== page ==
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Is Homeschooling Unconstitutional?

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Guest blogger Pam weighs in on whether homeschooling parents should be credentialed.

Yesterday, the California Court of Appeal in Los Angeles heard arguments on the rights of parents to home school their own children. This comes on the heels of a recent poll in Parade magazine that asked: Should homeschool parents be credentialed in California? So far, about 64,000 people have voted and 95% say no. The question really boils down to this: Are we parents capable of making decisions and caring for and guiding our own children, or should the government make decisions about our competency?

The question makes me, a homeschooling mom, laugh. Because every day, all of us as parents, are teaching our children--from the time they pop out of the oven until the day they die, because long after we have gone our lessons will stay with them. Should every parent be a certified nurse to deal with the needs of a newborn, should we all have associate degrees in early child development by the time our kids are 2? The truth of the matter is that if you can read and write, you can teach your child. Who taught them to speak, eat with a fork, play games, use the potty, get dressed?

Unless mentally or physically challenged, parents are every bit as qualified to teach their own child as any stranger who graduated from any teacher education program at any school. I have a teaching credential, and I can assure you it makes me no more competent than parents who homeschool without one. Let's not lose sight of who has a child's best interest at heart and who cares more for their welfare and success. That would be the parent.

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17 comments so far | Post a comment now
Anonymous June 26, 2008, 9:30 AM

I think there needs to be some sort of qualification. Unfortunately, there are some parents who homeschool who have no business doing so. You may be qualified but what about all the kids who are homeschooled and not getting a proper education because the parents are doing it for the wrong reason.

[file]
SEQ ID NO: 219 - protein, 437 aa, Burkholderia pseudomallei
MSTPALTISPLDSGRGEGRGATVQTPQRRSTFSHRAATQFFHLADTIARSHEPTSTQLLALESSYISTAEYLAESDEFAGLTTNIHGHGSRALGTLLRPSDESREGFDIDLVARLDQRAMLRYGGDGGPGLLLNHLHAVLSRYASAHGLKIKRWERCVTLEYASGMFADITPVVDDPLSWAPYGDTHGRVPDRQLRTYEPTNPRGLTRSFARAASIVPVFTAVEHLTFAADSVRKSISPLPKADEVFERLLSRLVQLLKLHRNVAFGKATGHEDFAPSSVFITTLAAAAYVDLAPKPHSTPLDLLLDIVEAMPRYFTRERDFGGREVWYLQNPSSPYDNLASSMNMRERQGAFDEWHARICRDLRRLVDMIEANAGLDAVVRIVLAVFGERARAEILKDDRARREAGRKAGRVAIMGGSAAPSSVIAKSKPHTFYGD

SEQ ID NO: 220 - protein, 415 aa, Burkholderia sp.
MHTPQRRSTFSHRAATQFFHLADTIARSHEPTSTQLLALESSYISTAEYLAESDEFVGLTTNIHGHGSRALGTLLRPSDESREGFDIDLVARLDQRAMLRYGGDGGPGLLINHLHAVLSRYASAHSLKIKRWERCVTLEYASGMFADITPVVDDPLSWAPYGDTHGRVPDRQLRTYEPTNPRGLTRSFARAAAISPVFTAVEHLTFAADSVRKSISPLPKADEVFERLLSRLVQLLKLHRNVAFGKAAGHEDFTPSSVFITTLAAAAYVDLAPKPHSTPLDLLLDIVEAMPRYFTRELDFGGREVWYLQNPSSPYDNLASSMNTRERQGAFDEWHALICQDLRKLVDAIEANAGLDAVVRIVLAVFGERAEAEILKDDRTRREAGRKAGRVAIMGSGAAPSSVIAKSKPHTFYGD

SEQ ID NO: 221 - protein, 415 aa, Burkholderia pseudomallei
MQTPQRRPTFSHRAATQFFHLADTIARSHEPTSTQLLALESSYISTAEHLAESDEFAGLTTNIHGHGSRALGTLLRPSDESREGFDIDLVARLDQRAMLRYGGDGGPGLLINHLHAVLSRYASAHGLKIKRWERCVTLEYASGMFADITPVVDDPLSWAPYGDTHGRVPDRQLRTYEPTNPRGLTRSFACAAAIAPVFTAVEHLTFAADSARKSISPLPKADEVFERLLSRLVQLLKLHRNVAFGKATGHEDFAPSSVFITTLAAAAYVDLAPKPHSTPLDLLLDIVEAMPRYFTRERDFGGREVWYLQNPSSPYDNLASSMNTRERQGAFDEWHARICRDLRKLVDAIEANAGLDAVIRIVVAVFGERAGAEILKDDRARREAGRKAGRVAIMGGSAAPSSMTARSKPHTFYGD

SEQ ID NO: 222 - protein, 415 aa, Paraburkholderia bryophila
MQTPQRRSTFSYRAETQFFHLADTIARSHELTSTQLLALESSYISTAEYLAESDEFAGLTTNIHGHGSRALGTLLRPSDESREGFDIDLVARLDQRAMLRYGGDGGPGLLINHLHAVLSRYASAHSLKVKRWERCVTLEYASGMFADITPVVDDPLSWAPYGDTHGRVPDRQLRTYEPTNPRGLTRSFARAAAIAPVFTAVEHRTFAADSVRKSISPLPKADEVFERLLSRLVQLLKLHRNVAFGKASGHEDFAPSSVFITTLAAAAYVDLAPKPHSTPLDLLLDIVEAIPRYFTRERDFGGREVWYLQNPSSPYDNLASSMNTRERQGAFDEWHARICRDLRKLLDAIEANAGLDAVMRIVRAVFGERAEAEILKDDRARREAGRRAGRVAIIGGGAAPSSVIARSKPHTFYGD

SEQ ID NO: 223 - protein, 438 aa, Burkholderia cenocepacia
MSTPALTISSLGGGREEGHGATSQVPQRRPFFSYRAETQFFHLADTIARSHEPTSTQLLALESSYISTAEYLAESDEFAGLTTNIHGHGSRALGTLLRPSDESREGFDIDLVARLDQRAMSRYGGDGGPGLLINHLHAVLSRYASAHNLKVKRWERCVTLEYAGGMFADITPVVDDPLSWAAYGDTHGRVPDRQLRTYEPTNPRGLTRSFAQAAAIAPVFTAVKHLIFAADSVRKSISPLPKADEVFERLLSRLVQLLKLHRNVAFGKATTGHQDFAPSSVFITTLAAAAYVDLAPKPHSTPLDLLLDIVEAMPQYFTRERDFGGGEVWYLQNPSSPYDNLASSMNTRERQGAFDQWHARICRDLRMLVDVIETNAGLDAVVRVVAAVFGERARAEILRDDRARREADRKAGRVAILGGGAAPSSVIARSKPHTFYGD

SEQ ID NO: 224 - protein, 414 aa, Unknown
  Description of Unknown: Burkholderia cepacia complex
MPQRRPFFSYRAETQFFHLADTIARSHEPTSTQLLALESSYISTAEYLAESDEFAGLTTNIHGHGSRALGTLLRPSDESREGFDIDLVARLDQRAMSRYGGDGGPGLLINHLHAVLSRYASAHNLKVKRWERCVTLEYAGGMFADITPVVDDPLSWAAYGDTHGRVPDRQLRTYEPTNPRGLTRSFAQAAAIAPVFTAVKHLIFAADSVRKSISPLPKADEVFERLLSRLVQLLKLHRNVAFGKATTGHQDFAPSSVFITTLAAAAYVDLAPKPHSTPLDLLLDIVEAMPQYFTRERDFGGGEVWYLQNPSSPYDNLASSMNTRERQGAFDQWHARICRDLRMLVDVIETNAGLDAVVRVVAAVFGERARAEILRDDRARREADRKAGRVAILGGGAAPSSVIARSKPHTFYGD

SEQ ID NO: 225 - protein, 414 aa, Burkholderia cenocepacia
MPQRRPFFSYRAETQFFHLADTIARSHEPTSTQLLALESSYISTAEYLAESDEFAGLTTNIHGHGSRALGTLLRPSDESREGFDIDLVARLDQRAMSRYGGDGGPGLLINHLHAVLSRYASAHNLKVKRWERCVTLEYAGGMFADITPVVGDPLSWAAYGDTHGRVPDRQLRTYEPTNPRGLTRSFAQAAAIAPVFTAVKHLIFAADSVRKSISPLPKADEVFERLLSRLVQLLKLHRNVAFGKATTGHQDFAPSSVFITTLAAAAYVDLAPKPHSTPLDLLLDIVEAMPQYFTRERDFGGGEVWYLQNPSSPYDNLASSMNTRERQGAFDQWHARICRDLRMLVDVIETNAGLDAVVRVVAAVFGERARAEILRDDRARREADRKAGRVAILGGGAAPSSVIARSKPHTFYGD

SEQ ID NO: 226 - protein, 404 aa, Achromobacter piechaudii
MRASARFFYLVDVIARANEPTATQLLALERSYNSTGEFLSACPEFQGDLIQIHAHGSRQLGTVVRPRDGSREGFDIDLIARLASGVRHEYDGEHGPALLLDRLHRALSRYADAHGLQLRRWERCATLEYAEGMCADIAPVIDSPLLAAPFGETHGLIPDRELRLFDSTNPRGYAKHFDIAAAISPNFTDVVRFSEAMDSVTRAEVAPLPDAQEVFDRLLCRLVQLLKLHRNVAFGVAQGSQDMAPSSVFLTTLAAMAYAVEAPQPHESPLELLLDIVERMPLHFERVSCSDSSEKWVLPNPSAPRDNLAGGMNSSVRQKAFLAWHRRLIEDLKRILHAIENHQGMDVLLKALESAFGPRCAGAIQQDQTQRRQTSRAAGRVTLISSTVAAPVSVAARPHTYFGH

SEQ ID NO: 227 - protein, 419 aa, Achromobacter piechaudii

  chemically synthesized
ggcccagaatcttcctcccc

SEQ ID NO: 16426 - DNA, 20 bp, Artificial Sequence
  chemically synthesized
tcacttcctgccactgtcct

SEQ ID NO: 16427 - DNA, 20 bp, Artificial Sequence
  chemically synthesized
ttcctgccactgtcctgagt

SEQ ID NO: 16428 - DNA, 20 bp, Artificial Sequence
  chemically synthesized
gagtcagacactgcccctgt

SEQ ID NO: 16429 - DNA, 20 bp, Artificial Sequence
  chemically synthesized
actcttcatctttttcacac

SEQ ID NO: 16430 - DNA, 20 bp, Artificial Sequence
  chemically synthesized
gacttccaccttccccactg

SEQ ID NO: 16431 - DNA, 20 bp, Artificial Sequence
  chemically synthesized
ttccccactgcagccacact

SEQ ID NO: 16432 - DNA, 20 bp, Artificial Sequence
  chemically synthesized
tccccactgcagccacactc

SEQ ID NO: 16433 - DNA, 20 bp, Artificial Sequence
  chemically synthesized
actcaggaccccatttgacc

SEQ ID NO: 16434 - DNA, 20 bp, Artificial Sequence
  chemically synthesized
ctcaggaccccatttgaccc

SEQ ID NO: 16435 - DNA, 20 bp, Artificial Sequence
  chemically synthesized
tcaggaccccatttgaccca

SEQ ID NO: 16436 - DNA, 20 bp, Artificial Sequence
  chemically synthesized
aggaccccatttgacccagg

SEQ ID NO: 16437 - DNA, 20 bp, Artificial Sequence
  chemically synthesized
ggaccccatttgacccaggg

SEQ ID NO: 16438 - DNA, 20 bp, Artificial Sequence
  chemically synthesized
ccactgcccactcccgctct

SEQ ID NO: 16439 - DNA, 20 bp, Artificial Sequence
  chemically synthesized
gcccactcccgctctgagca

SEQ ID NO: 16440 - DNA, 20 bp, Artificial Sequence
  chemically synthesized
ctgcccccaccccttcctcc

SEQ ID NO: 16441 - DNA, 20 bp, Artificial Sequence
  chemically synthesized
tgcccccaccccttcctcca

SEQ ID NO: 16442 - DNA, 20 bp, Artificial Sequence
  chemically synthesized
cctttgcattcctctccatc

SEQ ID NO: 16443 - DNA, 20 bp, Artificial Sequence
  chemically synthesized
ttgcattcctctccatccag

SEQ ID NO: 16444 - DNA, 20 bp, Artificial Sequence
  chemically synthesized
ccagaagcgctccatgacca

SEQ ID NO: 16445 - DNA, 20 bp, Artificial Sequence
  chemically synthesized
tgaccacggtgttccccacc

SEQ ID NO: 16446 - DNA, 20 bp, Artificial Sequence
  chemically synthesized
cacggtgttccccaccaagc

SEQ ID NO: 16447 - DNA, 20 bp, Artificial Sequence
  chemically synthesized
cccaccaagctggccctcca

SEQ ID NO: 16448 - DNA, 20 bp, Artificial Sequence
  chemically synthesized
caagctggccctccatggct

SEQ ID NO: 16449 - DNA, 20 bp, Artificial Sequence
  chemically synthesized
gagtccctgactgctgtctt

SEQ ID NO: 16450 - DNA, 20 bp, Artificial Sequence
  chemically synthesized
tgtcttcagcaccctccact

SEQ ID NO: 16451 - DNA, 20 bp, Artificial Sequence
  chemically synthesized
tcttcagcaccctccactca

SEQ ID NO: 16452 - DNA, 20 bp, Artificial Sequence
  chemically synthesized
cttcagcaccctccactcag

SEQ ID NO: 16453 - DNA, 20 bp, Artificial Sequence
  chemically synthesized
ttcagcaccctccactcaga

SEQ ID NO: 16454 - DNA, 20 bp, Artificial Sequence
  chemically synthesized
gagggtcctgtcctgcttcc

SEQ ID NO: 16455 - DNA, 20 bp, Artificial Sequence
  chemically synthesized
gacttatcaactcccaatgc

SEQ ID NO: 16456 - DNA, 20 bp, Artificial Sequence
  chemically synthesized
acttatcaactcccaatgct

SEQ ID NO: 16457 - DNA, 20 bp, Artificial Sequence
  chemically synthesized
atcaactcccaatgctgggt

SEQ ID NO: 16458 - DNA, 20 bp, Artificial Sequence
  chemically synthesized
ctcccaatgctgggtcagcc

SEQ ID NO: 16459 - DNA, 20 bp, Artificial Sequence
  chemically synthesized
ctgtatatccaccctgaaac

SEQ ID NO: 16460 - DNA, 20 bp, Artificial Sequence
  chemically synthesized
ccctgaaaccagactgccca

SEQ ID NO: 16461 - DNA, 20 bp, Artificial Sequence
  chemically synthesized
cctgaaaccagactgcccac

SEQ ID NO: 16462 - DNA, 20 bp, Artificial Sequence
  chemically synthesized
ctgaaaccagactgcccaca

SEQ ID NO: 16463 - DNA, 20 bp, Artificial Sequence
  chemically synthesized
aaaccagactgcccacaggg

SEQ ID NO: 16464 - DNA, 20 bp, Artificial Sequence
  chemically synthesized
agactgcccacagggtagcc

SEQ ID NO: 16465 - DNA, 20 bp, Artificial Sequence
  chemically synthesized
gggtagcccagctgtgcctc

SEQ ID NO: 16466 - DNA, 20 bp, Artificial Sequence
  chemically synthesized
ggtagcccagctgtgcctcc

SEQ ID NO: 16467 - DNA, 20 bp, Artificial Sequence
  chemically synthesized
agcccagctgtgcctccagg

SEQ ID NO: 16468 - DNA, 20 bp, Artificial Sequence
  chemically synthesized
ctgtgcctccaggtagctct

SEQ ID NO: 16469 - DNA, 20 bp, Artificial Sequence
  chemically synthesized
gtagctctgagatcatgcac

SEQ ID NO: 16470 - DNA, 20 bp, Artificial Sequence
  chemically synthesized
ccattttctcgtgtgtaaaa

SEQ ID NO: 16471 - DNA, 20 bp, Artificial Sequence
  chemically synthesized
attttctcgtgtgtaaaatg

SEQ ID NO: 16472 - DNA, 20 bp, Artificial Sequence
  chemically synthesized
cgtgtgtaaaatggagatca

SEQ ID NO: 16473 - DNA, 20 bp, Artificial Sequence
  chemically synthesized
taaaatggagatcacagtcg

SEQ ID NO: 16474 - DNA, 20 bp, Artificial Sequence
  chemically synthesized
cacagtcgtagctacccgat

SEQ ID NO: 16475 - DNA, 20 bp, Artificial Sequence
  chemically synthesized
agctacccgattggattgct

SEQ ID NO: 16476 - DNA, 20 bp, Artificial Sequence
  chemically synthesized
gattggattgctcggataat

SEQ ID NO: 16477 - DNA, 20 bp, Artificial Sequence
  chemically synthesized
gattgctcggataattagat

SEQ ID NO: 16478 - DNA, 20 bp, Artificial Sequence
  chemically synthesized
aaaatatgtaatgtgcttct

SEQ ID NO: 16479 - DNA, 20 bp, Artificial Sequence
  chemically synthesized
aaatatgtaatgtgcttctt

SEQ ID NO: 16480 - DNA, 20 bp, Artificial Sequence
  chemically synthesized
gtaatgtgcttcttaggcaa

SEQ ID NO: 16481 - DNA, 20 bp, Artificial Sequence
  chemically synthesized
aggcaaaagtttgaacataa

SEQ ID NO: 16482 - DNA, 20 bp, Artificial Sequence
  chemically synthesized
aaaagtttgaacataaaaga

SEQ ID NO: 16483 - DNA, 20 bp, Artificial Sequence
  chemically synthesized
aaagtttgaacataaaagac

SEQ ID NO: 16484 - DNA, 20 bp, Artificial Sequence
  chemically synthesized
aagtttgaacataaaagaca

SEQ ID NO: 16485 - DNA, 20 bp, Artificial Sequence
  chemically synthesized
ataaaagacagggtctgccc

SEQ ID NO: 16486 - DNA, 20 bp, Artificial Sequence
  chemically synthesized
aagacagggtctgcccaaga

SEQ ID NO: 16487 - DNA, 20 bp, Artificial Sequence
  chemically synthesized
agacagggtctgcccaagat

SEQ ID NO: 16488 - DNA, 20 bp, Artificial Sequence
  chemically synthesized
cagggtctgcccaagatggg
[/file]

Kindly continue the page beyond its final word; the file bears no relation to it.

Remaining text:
Susan Ryan June 26, 2008, 9:55 AM

Is it possible that there are some teachers who have no business doing so?
What are the proportions compared to homeschoolers? Where should our society focus be in relation to those proportions?

What does “proper education” mean in the credentialed public schools? What are the “wrong reasons” for homeschooling?

Just some generic questions that came to mind reading the generic concerns of anonymous.

Jodi June 26, 2008, 10:36 AM

Parents have no rights when their children are at school. IF a parent wants to pick them up early they have to have approval and can be denied. If a parents religious beliefs are not allowed to be spoken at school the children are taught to keep quite even when confronted or challenged. If your child doesn’t learn exactly like most of the class then the child is classified as a slower learner. As far as parents HAVING SOME SORT OF QUALIFICATION ,just because a teacher has a degree does not qualify them to teach all children better. If a parent chooses to teach, I believe they are more qualifed than any teacher out there when it comes to understanding their own childs needs. There are definately great teachers out there. I have had a few that I am very thankfull for. Thank goodness there are that few that makeup for the ones that choose to shatter and crush the children. Teachers are very influential people in your childs life. Parents need to be strongly aware of that. Not all good comes from it and no matter how much time you spend with your child in the evening or on weekends your role is secondary compared to the teacher that is with your child all through the day teaching/raising them . I in no way am trying to sound harsh ,but if how you raise your children to believe or act in any way conflicts with the school, your child is the one that will have to convert. Think about it.